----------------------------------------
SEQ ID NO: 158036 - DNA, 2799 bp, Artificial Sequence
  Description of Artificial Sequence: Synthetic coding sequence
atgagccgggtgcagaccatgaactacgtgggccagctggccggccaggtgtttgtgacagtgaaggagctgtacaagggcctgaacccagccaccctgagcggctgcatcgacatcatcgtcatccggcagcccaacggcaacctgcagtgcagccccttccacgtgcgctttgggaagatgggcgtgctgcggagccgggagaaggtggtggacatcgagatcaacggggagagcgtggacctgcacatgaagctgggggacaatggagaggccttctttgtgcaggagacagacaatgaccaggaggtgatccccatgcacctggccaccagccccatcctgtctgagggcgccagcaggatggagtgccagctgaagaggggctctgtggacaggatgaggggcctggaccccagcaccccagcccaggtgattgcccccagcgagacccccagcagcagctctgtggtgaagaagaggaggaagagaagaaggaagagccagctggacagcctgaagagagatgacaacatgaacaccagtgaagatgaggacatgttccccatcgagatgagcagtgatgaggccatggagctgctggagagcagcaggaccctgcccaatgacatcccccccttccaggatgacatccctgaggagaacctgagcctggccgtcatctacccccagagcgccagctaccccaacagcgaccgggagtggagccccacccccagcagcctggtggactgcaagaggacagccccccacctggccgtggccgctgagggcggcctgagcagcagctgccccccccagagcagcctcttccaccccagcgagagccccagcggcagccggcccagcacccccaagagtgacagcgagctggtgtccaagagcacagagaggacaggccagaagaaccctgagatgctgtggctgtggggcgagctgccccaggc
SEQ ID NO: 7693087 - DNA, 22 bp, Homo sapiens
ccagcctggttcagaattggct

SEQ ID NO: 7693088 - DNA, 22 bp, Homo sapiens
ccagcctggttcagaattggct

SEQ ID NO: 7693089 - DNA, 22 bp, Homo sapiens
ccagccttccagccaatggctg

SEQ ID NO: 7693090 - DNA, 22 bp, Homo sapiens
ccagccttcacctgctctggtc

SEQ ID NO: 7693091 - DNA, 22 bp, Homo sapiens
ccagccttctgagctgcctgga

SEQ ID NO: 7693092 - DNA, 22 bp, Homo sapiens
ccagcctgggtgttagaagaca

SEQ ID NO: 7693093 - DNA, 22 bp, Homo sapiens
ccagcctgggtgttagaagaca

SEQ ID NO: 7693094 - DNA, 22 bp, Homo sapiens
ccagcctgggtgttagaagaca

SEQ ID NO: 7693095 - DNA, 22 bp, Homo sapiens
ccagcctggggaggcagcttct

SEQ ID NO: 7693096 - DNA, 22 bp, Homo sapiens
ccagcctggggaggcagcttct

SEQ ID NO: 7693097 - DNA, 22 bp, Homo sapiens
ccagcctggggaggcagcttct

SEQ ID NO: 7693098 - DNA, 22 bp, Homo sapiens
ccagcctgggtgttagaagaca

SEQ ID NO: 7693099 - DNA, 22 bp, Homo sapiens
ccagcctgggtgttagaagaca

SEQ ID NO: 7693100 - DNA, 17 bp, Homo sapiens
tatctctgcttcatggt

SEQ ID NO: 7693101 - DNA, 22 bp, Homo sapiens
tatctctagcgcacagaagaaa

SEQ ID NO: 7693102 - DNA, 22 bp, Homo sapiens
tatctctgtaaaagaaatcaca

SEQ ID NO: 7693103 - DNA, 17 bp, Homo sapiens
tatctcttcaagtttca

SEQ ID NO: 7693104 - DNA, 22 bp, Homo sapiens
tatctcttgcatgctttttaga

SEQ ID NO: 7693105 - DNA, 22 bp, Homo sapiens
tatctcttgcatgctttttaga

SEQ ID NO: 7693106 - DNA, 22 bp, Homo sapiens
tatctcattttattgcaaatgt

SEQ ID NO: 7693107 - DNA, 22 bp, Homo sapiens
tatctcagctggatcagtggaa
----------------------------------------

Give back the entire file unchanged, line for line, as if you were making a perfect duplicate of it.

SEQ ID NO: 158036 - DNA, 2799 bp, Artificial Sequence
  Description of Artificial Sequence: Synthetic coding sequence
atgagccgggtgcagaccatgaactacgtgggccagctggccggccaggtgtttgtgacagtgaaggagctgtacaagggcctgaacccagccaccctgagcggctgcatcgacatcatcgtcatccggcagcccaacggcaacctgcagtgcagccccttccacgtgcgctttgggaagatgggcgtgctgcggagccgggagaaggtggtggacatcgagatcaacggggagagcgtggacctgcacatgaagctgggggacaatggagaggccttctttgtgcaggagacagacaatgaccaggaggtgatccccatgcacctggccaccagccccatcctgtctgagggcgccagcaggatggagtgccagctgaagaggggctctgtggacaggatgaggggcctggaccccagcaccccagcccaggtgattgcccccagcgagacccccagcagcagctctgtggtgaagaagaggaggaagagaagaaggaagagccagctggacagcctgaagagagatgacaacatgaacaccagtgaagatgaggacatgttccccatcgagatgagcagtgatgaggccatggagctgctggagagcagcaggaccctgcccaatgacatcccccccttccaggatgacatccctgaggagaacctgagcctggccgtcatctacccccagagcgccagctaccccaacagcgaccgggagtggagccccacccccagcagcctggtggactgcaagaggacagccccccacctggccgtggccgctgagggcggcctgagcagcagctgccccccccagagcagcctcttccaccccagcgagagccccagcggcagccggcccagcacccccaagagtgacagcgagctggtgtccaagagcacagagaggacaggccagaagaaccctgagatgctgtggctgtggggcgagctgccccaggc
SEQ ID NO: 7693087 - DNA, 22 bp, Homo sapiens
ccagcctggttcagaattggct

SEQ ID NO: 7693088 - DNA, 22 bp, Homo sapiens
ccagcctggttcagaattggct

SEQ ID NO: 7693089 - DNA, 22 bp, Homo sapiens
ccagccttccagccaatggctg

SEQ ID NO: 7693090 - DNA, 22 bp, Homo sapiens
ccagccttcacctgctctggtc

SEQ ID NO: 7693091 - DNA, 22 bp, Homo sapiens
ccagccttctgagctgcctgga

SEQ ID NO: 7693092 - DNA, 22 bp, Homo sapiens
ccagcctgggtgttagaagaca

SEQ ID NO: 7693093 - DNA, 22 bp, Homo sapiens
ccagcctgggtgttagaagaca

SEQ ID NO: 7693094 - DNA, 22 bp, Homo sapiens
ccagcctgggtgttagaagaca

SEQ ID NO: 7693095 - DNA, 22 bp, Homo sapiens
ccagcctggggaggcagcttct

SEQ ID NO: 7693096 - DNA, 22 bp, Homo sapiens
ccagcctggggaggcagcttct

SEQ ID NO: 7693097 - DNA, 22 bp, Homo sapiens
ccagcctggggaggcagcttct

SEQ ID NO: 7693098 - DNA, 22 bp, Homo sapiens
ccagcctgggtgttagaagaca

SEQ ID NO: 7693099 - DNA, 22 bp, Homo sapiens
ccagcctgggtgttagaagaca

SEQ ID NO: 7693100 - DNA, 17 bp, Homo sapiens
tatctctgcttcatggt

SEQ ID NO: 7693101 - DNA, 22 bp, Homo sapiens
tatctctagcgcacagaagaaa

SEQ ID NO: 7693102 - DNA, 22 bp, Homo sapiens
tatctctgtaaaagaaatcaca

SEQ ID NO: 7693103 - DNA, 17 bp, Homo sapiens
tatctcttcaagtttca

SEQ ID NO: 7693104 - DNA, 22 bp, Homo sapiens
tatctcttgcatgctttttaga

SEQ ID NO: 7693105 - DNA, 22 bp, Homo sapiens
tatctcttgcatgctttttaga

SEQ ID NO: 7693106 - DNA, 22 bp, Homo sapiens
tatctcattttattgcaaatgt

SEQ ID NO: 7693107 - DNA, 22 bp, Homo sapiens
tatctcagctggatcagtggaa